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Friday Baseball Blogging: What Should I Be Reading?

Jonathan Bernstein is a Bloomberg View columnist. He taught political science at the University of Texas at San Antonio and DePauw University and wrote A Plain Blog About Politics.
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Teams are taking batting practice, spring is here, I'm entering the six weeks or so where I'm really homesick for Phoenix, and it occurs to me that I have a real baseball problem: I'm not reading enough good stuff.

So I'm looking for some help. I'll tell you what I'm reading now and if anyone has suggestions, I'm listening!

For years, I've been loyal to Baseball Prospectus (I've written for BP a few times). I still am loyal, even though I haven't won my roto league since Nate Silver was the one behind the site's projections. To tell the truth, though, I don't even know who I should be reading in their latest crop of authors. I also used to be on a pretty good e-mail list but I fell off it. Before that, it was Usenet (and I suppose before that, Baseball Weekly, and before that, the Sporting News, but that's just saying th at I'm an old guy).

Let's see ... on Twitter, I follow Christina Kahrl, who is, I suppose, just about my absolute favorite baseball writer (and a friend from way back in days). I don't know that I read everything she writes over at ESPN, but I try, and I should. I follow Joe Sheehan, and I'll probably subscribe to his newsletter this year. I follow Rany Jazayerli. That's my baseball group. Well, also the great Hank Schulman, so I'm always up-to-date on Giants news.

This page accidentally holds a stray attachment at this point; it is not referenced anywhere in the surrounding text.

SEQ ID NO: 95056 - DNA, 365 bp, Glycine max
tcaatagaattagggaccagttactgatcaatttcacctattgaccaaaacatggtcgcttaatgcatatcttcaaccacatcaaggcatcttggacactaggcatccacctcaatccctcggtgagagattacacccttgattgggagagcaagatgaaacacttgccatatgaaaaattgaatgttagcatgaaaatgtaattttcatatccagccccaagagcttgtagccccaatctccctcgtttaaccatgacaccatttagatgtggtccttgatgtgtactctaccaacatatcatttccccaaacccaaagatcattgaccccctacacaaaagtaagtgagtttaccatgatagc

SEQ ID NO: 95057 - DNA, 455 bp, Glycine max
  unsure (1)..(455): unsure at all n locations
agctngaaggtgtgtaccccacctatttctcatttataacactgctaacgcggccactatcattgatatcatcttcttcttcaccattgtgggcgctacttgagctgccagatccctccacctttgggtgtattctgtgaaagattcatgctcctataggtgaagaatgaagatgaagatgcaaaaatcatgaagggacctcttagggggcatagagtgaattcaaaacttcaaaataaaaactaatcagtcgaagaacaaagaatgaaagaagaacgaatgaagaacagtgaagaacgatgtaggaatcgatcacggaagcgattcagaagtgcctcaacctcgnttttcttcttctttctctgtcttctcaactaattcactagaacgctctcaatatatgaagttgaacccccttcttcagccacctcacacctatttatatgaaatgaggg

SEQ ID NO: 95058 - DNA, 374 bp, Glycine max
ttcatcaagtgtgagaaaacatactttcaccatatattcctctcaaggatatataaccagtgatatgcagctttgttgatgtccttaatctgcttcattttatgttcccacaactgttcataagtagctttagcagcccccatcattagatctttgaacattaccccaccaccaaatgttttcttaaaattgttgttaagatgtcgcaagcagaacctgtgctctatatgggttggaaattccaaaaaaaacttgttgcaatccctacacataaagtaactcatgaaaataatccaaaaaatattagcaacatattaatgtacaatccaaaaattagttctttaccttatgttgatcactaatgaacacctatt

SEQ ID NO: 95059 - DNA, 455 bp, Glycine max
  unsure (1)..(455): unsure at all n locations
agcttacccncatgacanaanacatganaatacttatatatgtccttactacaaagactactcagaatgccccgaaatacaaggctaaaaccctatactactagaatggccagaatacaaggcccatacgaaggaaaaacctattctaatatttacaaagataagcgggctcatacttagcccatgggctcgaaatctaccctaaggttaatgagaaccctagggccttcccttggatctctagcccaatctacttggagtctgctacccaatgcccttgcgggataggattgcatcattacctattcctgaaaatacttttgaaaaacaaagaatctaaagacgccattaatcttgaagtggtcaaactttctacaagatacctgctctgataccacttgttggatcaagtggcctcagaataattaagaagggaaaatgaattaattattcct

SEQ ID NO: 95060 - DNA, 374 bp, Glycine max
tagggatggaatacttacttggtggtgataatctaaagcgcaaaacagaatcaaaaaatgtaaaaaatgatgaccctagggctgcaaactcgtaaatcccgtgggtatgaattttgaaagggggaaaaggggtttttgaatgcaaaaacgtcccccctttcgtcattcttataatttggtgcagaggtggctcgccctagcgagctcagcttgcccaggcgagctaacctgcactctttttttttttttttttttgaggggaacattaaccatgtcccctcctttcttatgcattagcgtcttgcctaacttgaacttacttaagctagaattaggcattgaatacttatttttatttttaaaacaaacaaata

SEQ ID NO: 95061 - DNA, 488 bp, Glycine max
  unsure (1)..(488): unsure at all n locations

Beyond that, I wind up seeing things here and there, usually linked from something, but nothing steady. Essentially, I made hard choices years ago in order to limit the time I spent reading about baseball, which made sense back then, but I haven't done a good job since of replacing things when they fall away.

So, what am I missing? What do you read? What's good out there (and what's good about it)?

I'm especially interested in team-level choices; that's why I loved Christina's old Transaction Analysis column and generally how she thinks about things. But I'm open to everything: player analysis, prospects, business of baseball, history, whatever.

This column does not necessarily reflect the opinion of Bloomberg View's editorial board or Bloomberg LP, its owners and investors.

(Jonathan Bernstein covers U.S. politics for Bloomberg View. He is co-editor of "The Making of the Presidential Candidates 2012." Follow him on Twitter at @JBPlainblog.)

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